Carolyn Kruse

Carolyn Kruse

Carolyn Kruse

If you grew up in New England in the 70s, 80s, 90s and even early 2000s, you’ll likely remember these once hugely popular stores. Once upon a time, before Target and Walmart, life revolved around Bradlees. They had everything for the home at discount prices. It got me to thinking about some other retailers that were a big part of our lives, and are now gone. So, here we are… Remembering 5 iconic New England stores you grew up with.

When you need computers, tvs and other electronics, you probably head over to Best Buy. But, there was a time when another electronic/media store ruled supreme in these parts. Or, how about clothes shopping? Department stores were everything, back in the day. And New England had 2 of the biggest which now cease to exist.

The first decade of the 2000s saw one of the most iconic New England stores fading fast and falling of the map. Clothes were a bargain, but it involved a valiant hunt for your item. And the hunt took place in a dark and dingy space. Still, we loved the chase and the thrill of scoring.

From Fancy To No- Frills Stores

As Only in Massachusetts recently pointed out in an article about these retailers we grew up with, these “storied shops “now exist only in our memory.” The places you’ll revisit here ranged from discount chains to upscale department stores. One of these famous department stores still lives on in their signature food item. They are gone, but their muffins live on in recipes we have kept alive, and at one popular furniture store that still sells them.

So, here we go. Let’s take a walk down memory lane to visit places that once we part of our fabric. We relied on these 5 iconic New England stores we grew up with to entertain and provide us with necessities (and some not so necessary items). One of these places was known throughout the country for an unusual wedding event. Look, learn, love and relive with me.

  • 1. Filene's Basement

    Opened: 1909

    Closed: Dec. 29. 2011

    Sure Filenes was a fancy department store we all loved to shop. But in 1909 Edward A. Filene decided to take advantage of basement space and offer deep discounts. He founded Filene’s Basement really as a way to make a profit off inventory surplus from his father’s department store upstairs. In essence, this practice “pioneered the concept of bargains when it devised a system of automatic markdowns.” ( Brilliant, isn’t it?  Starting in 1947, Filene’s Basement would become famous, across the country, for their wedding gown sale, called Running of the Brides. It was quite the media event as TV cameras watched hundreds of women scoured through thousands of dresses on racks, all dratically marked down. There were no dressing rooms, so the brides-to-be tried them on in the aisles.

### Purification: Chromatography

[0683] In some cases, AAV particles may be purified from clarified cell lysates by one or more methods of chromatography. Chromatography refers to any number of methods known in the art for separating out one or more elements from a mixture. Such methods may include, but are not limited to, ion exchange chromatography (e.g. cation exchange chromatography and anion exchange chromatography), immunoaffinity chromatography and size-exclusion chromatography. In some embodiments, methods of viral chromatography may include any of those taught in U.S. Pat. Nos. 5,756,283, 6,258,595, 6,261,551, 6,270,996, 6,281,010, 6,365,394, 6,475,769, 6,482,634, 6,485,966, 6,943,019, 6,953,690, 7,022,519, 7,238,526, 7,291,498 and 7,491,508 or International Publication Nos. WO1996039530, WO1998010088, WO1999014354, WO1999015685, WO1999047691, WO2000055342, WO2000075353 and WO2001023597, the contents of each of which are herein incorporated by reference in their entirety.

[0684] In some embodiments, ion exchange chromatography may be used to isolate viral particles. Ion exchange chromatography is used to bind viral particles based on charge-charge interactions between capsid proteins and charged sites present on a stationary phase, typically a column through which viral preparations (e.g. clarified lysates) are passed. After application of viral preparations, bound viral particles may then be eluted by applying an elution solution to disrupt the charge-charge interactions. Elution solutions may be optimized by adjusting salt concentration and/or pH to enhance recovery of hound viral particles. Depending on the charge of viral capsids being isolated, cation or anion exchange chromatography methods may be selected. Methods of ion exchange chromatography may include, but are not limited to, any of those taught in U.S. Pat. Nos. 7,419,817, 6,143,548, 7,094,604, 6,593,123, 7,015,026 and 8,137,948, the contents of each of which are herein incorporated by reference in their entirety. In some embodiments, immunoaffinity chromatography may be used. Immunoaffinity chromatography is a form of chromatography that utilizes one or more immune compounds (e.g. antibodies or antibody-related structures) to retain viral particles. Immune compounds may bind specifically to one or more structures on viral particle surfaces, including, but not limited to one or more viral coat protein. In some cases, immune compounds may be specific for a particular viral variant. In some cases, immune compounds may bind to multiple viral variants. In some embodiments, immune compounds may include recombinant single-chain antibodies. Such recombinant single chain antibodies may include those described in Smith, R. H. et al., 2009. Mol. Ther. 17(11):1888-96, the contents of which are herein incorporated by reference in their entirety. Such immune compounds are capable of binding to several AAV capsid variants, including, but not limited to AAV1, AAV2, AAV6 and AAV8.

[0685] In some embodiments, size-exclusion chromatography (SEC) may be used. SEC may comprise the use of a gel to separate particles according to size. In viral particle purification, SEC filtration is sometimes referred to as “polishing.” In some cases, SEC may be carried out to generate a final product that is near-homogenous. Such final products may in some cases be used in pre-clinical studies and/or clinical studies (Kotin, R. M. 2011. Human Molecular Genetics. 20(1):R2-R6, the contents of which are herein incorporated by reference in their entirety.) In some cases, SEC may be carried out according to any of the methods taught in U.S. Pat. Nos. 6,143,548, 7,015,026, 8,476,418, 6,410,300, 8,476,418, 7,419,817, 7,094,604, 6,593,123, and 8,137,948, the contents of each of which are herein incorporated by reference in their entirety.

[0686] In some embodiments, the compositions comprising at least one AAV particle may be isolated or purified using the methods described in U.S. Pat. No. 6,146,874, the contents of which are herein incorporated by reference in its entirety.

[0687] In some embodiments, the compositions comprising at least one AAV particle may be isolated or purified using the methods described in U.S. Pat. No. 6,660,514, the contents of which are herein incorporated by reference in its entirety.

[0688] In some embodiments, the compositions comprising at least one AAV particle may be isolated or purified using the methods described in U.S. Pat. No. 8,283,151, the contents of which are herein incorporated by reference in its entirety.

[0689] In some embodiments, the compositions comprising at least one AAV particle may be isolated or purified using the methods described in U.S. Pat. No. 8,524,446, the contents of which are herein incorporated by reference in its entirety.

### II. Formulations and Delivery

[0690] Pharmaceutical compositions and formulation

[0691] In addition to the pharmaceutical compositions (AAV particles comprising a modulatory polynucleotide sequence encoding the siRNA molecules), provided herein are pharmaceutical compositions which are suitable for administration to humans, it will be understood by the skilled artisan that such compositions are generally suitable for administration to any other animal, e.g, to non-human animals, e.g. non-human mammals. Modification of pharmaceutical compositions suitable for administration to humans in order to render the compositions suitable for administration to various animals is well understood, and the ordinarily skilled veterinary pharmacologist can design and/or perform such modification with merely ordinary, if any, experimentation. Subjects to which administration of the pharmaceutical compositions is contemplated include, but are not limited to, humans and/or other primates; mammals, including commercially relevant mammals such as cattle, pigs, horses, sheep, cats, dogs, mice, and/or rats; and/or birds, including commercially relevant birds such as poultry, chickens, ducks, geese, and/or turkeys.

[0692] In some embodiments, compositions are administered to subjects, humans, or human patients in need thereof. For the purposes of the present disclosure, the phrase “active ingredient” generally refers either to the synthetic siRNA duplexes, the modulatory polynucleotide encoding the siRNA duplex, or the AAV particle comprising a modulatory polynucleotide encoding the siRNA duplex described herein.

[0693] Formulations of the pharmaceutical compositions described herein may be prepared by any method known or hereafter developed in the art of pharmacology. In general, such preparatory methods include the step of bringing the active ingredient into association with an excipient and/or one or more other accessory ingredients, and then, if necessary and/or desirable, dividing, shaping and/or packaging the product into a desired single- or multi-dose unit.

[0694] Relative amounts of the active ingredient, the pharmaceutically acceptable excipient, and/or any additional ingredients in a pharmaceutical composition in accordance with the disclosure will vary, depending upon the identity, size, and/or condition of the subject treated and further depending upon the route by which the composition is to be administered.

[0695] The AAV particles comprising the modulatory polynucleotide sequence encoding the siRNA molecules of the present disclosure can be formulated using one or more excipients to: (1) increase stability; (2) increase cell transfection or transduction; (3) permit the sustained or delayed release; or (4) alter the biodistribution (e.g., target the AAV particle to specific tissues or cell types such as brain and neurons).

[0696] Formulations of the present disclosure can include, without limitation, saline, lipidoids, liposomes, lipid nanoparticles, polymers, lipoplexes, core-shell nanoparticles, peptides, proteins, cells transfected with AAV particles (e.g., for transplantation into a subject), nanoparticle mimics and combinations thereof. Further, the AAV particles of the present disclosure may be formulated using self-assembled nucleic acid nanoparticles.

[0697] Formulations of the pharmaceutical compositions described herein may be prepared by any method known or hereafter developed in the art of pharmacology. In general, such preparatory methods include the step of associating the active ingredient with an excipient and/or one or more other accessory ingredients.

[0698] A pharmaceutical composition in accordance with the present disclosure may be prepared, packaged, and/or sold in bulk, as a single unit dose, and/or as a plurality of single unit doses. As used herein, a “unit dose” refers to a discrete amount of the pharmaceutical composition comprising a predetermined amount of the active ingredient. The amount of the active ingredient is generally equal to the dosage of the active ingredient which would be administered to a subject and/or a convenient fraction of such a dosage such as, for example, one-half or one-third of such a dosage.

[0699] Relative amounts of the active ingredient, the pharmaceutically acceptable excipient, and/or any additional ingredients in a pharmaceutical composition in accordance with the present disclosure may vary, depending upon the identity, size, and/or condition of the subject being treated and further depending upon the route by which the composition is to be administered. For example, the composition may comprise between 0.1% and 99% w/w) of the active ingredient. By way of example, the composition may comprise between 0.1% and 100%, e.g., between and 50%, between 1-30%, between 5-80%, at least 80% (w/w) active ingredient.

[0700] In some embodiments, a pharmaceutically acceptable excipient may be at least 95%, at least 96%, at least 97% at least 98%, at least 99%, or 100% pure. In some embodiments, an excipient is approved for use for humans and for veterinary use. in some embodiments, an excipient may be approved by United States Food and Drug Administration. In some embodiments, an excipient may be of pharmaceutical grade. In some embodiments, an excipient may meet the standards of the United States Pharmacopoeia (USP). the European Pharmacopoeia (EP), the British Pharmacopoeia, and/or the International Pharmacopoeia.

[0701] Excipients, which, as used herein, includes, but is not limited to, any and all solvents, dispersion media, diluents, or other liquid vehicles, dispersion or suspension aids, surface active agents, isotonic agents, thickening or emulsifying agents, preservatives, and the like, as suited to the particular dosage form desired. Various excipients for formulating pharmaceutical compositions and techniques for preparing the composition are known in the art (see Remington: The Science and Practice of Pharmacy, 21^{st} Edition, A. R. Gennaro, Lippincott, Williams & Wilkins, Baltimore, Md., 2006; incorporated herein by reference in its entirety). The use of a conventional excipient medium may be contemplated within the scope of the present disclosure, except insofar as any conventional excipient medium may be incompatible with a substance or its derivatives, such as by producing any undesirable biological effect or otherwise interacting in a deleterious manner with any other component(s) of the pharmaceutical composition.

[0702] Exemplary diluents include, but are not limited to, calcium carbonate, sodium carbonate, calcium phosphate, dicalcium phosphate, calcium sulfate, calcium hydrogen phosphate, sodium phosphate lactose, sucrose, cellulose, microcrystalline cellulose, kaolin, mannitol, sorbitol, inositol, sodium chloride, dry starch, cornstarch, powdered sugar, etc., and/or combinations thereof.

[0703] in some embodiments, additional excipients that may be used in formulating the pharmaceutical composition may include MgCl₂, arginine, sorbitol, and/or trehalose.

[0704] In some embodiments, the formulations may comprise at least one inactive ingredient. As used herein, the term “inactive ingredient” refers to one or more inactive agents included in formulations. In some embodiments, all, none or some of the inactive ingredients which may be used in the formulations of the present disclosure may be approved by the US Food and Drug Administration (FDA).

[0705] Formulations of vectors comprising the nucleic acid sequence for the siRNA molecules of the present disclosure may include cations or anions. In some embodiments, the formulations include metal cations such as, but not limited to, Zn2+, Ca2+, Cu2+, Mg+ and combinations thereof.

Filene's Basement

    (Photo by Mario Tama/Getty Images)


  • 2. Jordan Marsh

    Opened: 1841

    Closed: 1991

    Most of us know Jordan Marsh for their muffins, which still exist in our recipes and at Jordan’s Furniture locations (no relation). But Jordan Marsh was a very popular department store founded and headquartered here in Boston. By the 1950s they opened stores in Florida. Sadly, by 1991 most of the New England Jordan Marsh stores were gone and their spaces were taken over by Macy’s. Cheer up. You can still have their famous blueberry muffins. Get the recipe HERE. 

    Jordan Marsh department store in January, 1976

    Jordan Marsh and Downtown Crossing, Boston seen in January, 1976.

    Posted by GBH Archives on Saturday, December 2, 2023
  • 3. Bradlee's

    Opened: 1958

    Closed: 2001

    When I lived on Cape Cod in the 90s, I lived for Bradlees. It was the only place you could get pretty much everything for your home, plus toys, music, electronics, and clothing as well. Think Target, but even more selection at better prices. And it was usually next door to it’s sister store, Stop & Shop. So convenient! This discount department store was founded in New London, Connecticut. There were 35 Bradlees stores in Massachusetts, alone. However, by March of 2001, they were all gone.

  • 4. Circuit City

    This was THE place. It gave us some of what Bradlees offered for music and electronics, but was much more specialized. Circuit City was an electronics superstores. But eventually they also became well known and loved for their customer service. You may remember one of the company’s slogans:  “Welcome to Circuit City, Where Service Is State of the Art”. They sold appliances, TVs, radios, games, music, movies, phones and pretty much anything electronic. Eventually, Circuit City sold off the appliance portion of the business to focus more on gaming (like PlayStations) and cellular phones. When Best Buy came around, Circuit City had a hard time keeping up, and eventually caved.

  • 5. Building #19

    Opened: 1964

    Closed: 2013

    Admittedly, I was a frequent flier at Building 19. If you could stand the stench, disorganization and dust, you could find some amazing deals. I always went rug shopping here. They had a great selection and lived up to their slogan, “Good Stuff Cheap!”

    We love this Autumn picture of one of our stores by ken0624700 on Flickr! Can you figure out which store it is? (We removed the fraction to make it a little trickier!)

    Posted by Building 19 on Thursday, September 26, 2013

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